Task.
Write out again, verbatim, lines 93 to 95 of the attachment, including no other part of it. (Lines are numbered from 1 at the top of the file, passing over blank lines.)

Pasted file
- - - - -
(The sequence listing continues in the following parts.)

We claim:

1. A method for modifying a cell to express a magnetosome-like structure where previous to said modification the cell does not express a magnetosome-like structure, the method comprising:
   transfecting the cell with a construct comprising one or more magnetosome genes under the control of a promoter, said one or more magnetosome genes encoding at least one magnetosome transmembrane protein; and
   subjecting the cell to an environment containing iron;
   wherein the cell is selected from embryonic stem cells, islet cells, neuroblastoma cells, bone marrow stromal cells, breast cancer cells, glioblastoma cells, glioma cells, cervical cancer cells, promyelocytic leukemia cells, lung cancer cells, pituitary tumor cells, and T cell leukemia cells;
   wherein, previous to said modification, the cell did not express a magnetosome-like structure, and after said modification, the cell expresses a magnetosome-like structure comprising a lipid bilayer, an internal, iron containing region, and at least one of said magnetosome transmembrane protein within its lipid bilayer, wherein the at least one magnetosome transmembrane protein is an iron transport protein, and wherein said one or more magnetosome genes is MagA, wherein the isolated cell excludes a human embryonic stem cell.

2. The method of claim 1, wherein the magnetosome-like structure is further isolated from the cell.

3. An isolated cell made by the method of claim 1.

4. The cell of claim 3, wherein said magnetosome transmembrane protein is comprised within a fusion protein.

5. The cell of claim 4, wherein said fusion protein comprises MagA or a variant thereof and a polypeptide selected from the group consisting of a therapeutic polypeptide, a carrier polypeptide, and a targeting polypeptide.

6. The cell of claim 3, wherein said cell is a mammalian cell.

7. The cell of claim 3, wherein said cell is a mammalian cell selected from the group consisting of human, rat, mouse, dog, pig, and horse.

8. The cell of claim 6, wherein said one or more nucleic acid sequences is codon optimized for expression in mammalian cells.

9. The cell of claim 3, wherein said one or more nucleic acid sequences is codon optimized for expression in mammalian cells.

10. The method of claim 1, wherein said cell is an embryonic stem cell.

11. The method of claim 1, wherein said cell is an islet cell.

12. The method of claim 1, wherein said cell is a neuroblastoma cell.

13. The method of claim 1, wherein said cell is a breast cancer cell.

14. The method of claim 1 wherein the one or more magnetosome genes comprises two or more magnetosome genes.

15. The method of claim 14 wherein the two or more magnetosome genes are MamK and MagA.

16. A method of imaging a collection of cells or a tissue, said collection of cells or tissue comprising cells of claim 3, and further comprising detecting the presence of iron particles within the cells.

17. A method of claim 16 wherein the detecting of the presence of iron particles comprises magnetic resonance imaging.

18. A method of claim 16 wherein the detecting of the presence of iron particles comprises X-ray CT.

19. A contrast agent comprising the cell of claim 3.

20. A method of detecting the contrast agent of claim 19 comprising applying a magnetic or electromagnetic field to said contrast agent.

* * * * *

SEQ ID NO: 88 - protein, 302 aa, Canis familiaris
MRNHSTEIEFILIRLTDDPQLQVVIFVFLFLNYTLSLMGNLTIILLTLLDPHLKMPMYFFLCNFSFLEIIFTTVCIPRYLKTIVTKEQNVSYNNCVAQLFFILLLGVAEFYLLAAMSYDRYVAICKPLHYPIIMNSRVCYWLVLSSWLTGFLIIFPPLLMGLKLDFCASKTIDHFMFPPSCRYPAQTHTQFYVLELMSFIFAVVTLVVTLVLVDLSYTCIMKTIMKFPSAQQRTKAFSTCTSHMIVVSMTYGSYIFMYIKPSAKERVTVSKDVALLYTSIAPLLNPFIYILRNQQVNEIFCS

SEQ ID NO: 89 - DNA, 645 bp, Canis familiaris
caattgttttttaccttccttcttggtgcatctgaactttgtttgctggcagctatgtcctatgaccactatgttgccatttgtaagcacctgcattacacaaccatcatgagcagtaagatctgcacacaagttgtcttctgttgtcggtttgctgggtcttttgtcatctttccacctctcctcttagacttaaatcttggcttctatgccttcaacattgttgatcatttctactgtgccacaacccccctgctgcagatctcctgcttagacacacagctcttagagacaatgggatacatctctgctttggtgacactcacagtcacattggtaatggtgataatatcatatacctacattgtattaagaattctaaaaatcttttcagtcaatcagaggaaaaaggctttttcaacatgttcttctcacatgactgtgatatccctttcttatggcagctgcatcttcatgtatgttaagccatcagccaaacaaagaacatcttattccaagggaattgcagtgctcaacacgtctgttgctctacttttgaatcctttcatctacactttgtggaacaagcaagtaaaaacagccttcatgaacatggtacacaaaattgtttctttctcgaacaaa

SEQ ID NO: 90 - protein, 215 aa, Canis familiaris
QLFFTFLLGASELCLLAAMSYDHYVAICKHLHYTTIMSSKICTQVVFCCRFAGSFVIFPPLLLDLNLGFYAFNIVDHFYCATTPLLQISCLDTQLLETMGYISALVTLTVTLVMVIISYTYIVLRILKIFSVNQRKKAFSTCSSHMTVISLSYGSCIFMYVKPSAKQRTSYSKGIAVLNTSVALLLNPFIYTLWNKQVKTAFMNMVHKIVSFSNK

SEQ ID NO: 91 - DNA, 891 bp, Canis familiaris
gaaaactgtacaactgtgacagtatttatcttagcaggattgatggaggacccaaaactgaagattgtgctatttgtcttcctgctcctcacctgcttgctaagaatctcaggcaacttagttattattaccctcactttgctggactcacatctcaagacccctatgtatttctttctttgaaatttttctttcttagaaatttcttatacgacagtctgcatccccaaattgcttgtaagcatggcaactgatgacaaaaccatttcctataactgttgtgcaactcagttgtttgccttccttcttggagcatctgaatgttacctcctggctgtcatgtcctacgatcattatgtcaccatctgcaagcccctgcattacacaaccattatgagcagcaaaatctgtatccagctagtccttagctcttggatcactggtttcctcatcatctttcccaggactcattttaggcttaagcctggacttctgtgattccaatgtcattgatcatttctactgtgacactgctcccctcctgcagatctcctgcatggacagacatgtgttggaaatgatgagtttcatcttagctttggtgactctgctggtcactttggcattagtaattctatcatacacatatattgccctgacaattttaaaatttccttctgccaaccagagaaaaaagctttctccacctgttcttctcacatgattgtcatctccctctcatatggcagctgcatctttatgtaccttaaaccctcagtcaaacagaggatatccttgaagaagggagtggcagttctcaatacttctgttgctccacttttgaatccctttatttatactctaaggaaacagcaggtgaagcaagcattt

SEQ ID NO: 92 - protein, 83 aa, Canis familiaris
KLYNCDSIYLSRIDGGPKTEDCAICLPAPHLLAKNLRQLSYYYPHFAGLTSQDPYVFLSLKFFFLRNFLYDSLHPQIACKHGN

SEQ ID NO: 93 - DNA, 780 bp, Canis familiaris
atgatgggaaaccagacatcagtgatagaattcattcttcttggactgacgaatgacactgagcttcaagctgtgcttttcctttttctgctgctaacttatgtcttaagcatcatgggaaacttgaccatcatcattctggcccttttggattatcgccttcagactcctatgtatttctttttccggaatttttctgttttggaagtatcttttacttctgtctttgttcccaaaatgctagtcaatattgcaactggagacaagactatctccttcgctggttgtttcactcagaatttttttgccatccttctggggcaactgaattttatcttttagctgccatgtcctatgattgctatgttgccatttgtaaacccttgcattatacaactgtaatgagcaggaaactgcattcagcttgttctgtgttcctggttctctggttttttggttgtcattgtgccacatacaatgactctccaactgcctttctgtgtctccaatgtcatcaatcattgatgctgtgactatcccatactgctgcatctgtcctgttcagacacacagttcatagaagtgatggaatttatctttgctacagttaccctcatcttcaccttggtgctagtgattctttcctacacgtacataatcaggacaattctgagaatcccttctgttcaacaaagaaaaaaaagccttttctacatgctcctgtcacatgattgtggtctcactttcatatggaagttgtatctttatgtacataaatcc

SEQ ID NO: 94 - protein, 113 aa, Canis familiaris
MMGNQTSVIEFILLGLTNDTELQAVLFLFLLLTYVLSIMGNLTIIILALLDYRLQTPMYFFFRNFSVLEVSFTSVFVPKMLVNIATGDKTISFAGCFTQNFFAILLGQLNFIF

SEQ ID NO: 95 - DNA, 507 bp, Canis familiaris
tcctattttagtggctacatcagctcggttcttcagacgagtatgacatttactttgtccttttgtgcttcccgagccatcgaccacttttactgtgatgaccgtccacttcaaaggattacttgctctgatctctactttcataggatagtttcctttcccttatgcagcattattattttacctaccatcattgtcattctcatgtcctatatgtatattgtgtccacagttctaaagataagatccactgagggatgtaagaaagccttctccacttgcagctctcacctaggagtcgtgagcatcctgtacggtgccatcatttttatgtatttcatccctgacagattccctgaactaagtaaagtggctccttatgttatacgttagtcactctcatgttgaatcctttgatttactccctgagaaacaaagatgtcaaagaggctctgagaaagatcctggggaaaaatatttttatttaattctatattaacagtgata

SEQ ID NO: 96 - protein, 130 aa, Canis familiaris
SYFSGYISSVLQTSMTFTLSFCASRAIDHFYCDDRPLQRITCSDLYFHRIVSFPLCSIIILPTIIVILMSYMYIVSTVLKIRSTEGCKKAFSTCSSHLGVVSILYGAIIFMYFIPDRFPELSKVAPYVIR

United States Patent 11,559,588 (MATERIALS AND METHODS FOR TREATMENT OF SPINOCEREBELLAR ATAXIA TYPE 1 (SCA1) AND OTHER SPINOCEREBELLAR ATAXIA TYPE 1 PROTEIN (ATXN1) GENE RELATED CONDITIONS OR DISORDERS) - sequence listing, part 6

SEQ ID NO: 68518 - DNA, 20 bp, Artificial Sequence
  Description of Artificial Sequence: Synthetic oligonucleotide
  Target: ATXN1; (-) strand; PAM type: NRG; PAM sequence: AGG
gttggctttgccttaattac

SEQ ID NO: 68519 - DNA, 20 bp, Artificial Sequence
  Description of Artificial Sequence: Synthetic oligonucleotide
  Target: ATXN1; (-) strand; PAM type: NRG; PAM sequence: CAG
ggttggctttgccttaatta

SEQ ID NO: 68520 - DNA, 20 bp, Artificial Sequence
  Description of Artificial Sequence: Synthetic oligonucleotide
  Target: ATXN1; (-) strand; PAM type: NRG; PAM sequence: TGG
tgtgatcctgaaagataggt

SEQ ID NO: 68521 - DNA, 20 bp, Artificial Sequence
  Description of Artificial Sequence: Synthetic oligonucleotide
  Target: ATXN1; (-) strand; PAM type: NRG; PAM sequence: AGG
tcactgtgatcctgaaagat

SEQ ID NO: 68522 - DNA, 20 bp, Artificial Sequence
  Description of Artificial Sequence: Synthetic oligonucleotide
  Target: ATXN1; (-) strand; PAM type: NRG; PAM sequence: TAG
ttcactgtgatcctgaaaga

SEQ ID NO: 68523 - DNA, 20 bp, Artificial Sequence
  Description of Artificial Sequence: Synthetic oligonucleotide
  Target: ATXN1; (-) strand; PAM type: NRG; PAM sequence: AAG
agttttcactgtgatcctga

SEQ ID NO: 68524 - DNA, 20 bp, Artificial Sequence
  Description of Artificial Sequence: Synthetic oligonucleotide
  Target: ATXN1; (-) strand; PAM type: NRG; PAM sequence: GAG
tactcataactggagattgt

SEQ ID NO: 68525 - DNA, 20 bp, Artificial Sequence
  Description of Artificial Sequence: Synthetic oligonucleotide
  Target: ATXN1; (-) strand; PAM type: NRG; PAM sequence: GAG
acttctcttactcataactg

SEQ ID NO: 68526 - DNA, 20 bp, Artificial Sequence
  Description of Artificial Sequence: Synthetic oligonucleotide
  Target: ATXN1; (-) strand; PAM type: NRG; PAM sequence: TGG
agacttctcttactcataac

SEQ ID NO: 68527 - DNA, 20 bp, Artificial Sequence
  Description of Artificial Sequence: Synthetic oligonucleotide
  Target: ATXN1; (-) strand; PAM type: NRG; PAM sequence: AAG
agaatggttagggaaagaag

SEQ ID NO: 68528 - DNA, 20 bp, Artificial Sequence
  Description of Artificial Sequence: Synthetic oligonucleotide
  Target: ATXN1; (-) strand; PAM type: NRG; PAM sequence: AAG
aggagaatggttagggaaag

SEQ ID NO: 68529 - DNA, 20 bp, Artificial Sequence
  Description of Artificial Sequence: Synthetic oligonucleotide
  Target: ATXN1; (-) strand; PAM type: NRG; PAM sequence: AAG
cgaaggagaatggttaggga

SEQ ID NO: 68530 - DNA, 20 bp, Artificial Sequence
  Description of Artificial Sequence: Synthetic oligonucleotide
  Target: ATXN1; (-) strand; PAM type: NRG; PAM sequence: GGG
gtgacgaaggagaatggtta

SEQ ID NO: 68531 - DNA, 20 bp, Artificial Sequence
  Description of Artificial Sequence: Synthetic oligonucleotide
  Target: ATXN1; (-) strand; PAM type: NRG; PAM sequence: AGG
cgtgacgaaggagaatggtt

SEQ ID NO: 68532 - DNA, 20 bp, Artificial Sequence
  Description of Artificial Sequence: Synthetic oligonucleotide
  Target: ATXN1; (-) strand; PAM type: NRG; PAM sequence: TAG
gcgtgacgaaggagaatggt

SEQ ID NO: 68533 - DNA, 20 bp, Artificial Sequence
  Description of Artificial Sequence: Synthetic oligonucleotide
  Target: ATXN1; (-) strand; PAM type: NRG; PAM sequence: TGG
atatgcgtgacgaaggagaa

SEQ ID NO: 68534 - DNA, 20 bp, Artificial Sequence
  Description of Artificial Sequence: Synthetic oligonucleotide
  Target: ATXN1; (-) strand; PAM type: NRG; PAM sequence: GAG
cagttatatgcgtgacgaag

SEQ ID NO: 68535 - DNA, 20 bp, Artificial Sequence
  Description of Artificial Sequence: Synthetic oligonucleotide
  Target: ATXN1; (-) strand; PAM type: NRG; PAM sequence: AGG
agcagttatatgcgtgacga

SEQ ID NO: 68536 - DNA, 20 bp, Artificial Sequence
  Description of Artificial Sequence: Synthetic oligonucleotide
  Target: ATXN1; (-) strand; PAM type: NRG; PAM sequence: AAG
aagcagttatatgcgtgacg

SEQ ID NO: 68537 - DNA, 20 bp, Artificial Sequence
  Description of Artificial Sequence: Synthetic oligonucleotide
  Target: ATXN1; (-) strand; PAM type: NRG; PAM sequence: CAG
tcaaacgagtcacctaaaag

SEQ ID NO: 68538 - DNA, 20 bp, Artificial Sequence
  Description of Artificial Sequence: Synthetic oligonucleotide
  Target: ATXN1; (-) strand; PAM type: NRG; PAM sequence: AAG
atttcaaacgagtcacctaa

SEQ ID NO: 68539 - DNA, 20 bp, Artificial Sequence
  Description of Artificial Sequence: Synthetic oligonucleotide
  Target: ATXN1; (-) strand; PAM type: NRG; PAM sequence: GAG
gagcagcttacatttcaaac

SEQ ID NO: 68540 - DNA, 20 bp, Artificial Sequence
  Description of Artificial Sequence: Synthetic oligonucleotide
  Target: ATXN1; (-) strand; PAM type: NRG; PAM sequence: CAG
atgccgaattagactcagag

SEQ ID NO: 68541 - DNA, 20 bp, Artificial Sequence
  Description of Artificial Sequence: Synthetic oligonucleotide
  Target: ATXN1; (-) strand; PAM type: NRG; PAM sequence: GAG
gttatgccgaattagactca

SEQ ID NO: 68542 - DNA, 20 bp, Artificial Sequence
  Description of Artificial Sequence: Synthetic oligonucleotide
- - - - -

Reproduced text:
  Target: ATXN1; (-) strand; PAM type: NRG; PAM sequence: AAG
cgaaggagaatggttaggga

SEQ ID NO: 68530 - DNA, 20 bp, Artificial Sequence